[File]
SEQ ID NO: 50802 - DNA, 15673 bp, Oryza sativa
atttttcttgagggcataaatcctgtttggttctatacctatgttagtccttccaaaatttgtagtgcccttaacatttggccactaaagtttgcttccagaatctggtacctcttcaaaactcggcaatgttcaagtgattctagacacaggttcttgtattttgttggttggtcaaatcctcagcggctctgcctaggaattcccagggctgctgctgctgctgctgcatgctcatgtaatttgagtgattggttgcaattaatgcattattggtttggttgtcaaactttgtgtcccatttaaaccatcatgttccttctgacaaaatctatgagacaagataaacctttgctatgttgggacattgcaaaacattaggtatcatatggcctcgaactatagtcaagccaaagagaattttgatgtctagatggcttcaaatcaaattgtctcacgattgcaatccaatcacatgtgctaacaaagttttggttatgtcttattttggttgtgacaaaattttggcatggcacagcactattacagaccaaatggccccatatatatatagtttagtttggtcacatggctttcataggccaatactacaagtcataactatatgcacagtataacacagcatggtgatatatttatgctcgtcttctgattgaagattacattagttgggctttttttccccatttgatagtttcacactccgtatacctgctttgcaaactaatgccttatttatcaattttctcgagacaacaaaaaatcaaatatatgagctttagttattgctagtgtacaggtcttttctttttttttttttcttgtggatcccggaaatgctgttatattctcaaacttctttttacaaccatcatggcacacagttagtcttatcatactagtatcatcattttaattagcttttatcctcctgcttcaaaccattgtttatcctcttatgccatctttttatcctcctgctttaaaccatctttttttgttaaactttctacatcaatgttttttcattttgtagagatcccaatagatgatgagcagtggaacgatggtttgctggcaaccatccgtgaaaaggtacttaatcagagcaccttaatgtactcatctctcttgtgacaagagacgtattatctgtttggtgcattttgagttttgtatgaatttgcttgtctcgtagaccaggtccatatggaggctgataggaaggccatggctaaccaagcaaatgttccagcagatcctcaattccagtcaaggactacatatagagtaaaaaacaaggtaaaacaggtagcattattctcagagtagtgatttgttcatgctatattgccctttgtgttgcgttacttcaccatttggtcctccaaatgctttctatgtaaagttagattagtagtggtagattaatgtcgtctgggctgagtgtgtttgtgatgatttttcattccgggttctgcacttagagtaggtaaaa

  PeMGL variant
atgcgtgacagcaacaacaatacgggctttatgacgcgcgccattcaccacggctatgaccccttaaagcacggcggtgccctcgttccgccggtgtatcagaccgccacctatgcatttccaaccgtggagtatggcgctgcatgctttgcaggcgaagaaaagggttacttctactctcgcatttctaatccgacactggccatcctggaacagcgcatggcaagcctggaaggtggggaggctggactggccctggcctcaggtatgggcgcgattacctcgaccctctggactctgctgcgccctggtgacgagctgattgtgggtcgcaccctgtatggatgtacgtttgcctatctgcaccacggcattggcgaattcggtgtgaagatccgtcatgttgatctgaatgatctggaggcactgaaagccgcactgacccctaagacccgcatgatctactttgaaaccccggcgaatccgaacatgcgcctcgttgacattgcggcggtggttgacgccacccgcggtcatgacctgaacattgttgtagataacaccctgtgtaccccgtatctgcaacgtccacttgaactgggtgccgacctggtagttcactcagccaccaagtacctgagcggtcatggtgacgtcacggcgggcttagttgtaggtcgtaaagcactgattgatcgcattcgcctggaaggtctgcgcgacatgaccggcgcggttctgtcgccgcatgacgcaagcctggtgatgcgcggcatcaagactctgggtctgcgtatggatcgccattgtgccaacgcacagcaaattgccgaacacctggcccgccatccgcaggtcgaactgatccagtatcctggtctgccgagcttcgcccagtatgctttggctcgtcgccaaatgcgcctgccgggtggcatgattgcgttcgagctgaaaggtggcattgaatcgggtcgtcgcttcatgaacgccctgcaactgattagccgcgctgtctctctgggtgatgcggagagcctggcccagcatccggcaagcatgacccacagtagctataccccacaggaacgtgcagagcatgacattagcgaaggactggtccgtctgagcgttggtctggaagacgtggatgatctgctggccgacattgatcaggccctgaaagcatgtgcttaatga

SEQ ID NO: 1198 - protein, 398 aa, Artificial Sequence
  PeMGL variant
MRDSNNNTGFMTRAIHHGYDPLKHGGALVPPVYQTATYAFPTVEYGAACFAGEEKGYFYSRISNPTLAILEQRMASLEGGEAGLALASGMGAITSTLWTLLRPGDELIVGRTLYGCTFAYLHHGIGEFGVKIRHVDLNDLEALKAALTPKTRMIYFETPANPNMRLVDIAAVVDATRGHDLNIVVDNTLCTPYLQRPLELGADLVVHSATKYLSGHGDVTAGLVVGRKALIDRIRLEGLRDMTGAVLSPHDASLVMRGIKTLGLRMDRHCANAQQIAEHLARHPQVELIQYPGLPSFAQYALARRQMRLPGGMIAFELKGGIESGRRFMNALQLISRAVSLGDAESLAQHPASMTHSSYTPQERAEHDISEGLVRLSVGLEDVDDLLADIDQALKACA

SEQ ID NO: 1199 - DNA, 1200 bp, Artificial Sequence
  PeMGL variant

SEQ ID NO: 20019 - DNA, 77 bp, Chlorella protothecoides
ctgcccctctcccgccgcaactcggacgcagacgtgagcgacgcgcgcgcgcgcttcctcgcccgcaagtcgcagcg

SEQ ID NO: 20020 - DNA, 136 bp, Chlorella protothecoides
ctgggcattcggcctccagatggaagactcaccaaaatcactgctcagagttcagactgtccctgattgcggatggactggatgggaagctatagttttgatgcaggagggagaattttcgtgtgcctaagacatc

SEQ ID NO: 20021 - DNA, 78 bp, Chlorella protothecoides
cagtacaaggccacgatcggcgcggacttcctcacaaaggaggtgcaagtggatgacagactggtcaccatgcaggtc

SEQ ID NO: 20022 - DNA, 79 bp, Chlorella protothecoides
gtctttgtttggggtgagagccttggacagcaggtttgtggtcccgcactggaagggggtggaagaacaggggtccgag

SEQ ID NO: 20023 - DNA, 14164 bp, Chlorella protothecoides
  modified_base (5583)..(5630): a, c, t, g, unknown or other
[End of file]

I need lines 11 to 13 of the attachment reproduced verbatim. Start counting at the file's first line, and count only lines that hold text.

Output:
ctgcccctctcccgccgcaactcggacgcagacgtgagcgacgcgcgcgcgcgcttcctcgcccgcaagtcgcagcg

SEQ ID NO: 20020 - DNA, 136 bp, Chlorella protothecoides
ctgggcattcggcctccagatggaagactcaccaaaatcactgctcagagttcagactgtccctgattgcggatggactggatgggaagctatagttttgatgcaggagggagaattttcgtgtgcctaagacatc